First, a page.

The median annual income for an environmental engineer was $80,890 in May 2012. Federal government employees earned higher, earning $98,890 each year. Local and state government employees, excluding hospital sand education, earned less at $75,350 and $69,570 respectively.
Jobs in environmental science are rapidly growing, so the projected rate of 15 percent from 2011 to 2022 still applies to environmental engineers. State and local government positions are particularly expected to increase in availability as the need for more efficient water usage increases.
How to Become an Environmental Engineer
Receiving an undergraduate degree in environmental engineering or another branch of engineering is the first step toward becoming an environmental engineer. Accruing work experience and developing a strong knowledge in current environmental issues is also important.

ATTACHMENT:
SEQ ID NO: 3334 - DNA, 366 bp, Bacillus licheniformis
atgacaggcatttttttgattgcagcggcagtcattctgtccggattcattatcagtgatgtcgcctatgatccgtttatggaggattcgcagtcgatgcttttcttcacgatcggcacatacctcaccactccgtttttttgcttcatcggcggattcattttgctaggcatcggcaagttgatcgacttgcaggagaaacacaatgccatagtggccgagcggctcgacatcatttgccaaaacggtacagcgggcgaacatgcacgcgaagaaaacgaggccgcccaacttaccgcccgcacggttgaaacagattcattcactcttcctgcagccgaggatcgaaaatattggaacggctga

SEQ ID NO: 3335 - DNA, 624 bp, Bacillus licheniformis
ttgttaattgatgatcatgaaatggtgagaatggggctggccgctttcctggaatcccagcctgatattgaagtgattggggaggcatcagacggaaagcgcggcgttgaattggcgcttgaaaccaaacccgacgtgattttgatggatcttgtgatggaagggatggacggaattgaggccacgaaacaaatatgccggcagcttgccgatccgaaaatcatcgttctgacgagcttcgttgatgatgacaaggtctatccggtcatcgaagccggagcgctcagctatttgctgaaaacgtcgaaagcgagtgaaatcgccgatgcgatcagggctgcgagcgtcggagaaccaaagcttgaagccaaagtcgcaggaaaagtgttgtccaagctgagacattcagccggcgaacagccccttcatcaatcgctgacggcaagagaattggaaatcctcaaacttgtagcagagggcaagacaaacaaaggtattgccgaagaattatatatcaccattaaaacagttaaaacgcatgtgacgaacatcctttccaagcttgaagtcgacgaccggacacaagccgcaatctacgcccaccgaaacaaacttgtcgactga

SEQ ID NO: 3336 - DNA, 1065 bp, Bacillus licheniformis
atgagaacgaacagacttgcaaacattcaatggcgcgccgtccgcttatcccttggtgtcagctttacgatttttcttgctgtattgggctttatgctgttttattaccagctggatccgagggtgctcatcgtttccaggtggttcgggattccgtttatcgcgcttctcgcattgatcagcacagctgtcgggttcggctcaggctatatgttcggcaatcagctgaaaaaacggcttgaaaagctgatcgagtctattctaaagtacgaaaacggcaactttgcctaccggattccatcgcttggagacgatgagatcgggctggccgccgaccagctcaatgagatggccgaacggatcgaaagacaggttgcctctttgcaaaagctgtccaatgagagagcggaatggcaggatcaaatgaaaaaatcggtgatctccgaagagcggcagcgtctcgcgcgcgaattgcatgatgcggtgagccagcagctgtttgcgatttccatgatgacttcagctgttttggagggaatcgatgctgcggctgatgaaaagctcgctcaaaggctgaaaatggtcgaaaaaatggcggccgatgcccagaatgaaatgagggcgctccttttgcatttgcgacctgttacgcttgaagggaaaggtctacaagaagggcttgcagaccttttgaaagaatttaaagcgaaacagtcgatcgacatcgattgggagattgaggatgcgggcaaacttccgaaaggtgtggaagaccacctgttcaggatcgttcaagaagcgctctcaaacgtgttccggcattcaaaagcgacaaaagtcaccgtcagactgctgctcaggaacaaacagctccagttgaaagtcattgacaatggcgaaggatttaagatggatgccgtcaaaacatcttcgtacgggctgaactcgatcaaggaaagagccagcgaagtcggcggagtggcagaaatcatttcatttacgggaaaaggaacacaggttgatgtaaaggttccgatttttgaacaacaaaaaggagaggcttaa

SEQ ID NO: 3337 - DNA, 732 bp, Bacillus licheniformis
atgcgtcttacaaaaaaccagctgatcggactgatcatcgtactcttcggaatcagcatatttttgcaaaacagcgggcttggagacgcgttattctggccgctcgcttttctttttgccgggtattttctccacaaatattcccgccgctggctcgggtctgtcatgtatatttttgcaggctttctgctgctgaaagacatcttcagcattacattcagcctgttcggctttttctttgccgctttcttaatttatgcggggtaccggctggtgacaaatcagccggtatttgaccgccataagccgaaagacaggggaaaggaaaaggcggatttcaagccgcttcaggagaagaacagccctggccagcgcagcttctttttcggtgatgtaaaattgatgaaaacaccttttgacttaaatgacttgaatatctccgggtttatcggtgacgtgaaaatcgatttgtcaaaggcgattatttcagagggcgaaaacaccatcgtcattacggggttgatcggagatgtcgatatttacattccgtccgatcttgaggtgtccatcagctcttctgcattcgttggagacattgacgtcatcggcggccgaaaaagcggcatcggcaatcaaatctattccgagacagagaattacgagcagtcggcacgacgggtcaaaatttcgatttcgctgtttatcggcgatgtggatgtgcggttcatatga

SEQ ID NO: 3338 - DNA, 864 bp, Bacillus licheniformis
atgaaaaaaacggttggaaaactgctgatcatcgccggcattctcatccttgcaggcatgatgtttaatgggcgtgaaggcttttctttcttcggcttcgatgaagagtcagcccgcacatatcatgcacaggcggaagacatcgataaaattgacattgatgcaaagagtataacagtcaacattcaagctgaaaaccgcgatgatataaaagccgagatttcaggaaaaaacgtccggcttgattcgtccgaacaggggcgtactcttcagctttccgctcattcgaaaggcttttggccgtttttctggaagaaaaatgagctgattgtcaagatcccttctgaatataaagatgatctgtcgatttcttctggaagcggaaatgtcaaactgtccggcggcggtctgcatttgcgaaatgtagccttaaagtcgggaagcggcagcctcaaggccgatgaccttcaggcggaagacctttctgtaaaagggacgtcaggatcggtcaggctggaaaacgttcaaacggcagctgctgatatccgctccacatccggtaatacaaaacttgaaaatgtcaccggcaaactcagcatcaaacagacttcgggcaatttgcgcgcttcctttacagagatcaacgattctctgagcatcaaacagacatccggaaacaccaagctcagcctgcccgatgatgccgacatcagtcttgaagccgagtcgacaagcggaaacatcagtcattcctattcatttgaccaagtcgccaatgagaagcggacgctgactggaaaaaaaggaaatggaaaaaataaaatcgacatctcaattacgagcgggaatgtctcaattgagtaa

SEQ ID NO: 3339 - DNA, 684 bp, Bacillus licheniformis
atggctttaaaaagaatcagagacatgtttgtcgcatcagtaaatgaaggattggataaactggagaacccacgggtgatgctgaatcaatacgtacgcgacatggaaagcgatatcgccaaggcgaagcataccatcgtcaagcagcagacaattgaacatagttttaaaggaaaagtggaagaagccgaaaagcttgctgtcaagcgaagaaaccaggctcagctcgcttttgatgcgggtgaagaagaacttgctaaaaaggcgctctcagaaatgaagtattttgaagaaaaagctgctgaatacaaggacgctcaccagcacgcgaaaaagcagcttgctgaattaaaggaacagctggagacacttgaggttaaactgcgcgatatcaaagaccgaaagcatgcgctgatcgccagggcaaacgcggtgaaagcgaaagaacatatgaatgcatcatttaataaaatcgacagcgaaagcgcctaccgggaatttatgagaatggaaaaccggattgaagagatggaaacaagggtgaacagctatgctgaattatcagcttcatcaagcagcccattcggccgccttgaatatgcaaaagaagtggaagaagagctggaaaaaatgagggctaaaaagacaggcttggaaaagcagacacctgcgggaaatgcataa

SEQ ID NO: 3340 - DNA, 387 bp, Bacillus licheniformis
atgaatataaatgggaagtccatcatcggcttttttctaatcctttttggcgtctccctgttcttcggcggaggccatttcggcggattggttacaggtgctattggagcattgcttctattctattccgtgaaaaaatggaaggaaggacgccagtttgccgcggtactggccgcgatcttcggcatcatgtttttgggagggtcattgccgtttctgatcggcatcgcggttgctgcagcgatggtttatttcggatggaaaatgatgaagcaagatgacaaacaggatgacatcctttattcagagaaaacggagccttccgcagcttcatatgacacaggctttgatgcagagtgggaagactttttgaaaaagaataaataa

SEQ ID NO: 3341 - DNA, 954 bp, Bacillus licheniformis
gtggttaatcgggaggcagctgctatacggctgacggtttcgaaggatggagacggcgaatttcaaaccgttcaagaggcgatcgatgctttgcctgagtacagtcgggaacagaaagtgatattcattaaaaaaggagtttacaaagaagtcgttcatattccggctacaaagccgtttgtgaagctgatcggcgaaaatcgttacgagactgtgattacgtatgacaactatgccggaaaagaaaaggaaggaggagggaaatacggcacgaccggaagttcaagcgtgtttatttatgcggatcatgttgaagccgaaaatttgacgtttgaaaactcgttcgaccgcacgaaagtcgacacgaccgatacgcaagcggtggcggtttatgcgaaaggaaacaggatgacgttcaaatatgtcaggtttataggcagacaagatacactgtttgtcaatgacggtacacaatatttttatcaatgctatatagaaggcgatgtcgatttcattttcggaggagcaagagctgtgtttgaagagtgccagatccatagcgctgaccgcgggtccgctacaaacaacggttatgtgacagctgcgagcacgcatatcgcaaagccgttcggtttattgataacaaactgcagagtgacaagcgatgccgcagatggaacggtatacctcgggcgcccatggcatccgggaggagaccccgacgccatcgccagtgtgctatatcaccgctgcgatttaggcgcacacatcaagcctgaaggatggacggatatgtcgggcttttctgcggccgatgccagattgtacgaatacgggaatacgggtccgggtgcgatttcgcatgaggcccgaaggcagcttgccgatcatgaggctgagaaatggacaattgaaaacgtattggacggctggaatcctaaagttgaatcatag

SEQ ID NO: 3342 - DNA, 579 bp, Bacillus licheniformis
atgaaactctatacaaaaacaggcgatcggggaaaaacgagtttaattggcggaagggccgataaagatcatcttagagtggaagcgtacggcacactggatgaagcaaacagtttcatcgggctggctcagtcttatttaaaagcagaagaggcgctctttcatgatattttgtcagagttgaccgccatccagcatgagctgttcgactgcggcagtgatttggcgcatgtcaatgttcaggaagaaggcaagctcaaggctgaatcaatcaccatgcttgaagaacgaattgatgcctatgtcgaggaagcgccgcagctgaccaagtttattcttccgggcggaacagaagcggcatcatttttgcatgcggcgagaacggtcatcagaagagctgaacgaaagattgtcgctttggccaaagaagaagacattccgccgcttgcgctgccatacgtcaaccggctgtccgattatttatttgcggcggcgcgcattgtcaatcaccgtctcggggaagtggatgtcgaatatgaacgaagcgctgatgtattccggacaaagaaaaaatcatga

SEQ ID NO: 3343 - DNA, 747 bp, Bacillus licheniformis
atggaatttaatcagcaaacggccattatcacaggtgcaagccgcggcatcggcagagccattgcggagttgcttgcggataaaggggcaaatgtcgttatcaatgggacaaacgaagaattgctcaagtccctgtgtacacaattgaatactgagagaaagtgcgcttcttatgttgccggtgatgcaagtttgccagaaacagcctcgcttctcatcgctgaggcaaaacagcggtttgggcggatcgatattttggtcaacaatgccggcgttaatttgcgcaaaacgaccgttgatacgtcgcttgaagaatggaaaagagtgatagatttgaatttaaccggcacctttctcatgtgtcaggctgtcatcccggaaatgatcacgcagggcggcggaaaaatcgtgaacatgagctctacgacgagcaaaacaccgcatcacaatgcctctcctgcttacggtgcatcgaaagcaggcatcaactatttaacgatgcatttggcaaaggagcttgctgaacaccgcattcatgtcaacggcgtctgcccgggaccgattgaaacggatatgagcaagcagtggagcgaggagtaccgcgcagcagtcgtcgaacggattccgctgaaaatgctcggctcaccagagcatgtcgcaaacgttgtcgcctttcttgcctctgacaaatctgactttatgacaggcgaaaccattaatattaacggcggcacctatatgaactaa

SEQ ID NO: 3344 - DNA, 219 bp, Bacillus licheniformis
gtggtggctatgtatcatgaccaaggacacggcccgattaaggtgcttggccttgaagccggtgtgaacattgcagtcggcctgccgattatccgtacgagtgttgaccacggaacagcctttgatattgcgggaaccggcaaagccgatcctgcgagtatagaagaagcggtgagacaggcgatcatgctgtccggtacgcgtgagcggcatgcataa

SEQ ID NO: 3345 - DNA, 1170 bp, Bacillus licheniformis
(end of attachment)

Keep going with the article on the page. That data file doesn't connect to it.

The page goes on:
There are many lawyers that truly enjoy the justice system and law, but are passionate about the environment. Many lawyers put their two favorite passions together and engage in a career as an environmental lawyer. Environmental lawyers usually represent different companies, businesses, organizations, communities, or even farmers. Environmental laywers are responsible for using the law to find justice for the environment, people, or organisms or wildlife.
There are 11 common regulatory areas for Environmental Law, which include:
- Environmental Impact Assessment
- Air Quality
- Water Quality
- Waste Management
- Contaminant cleanup
- Chemical safety
- Water resources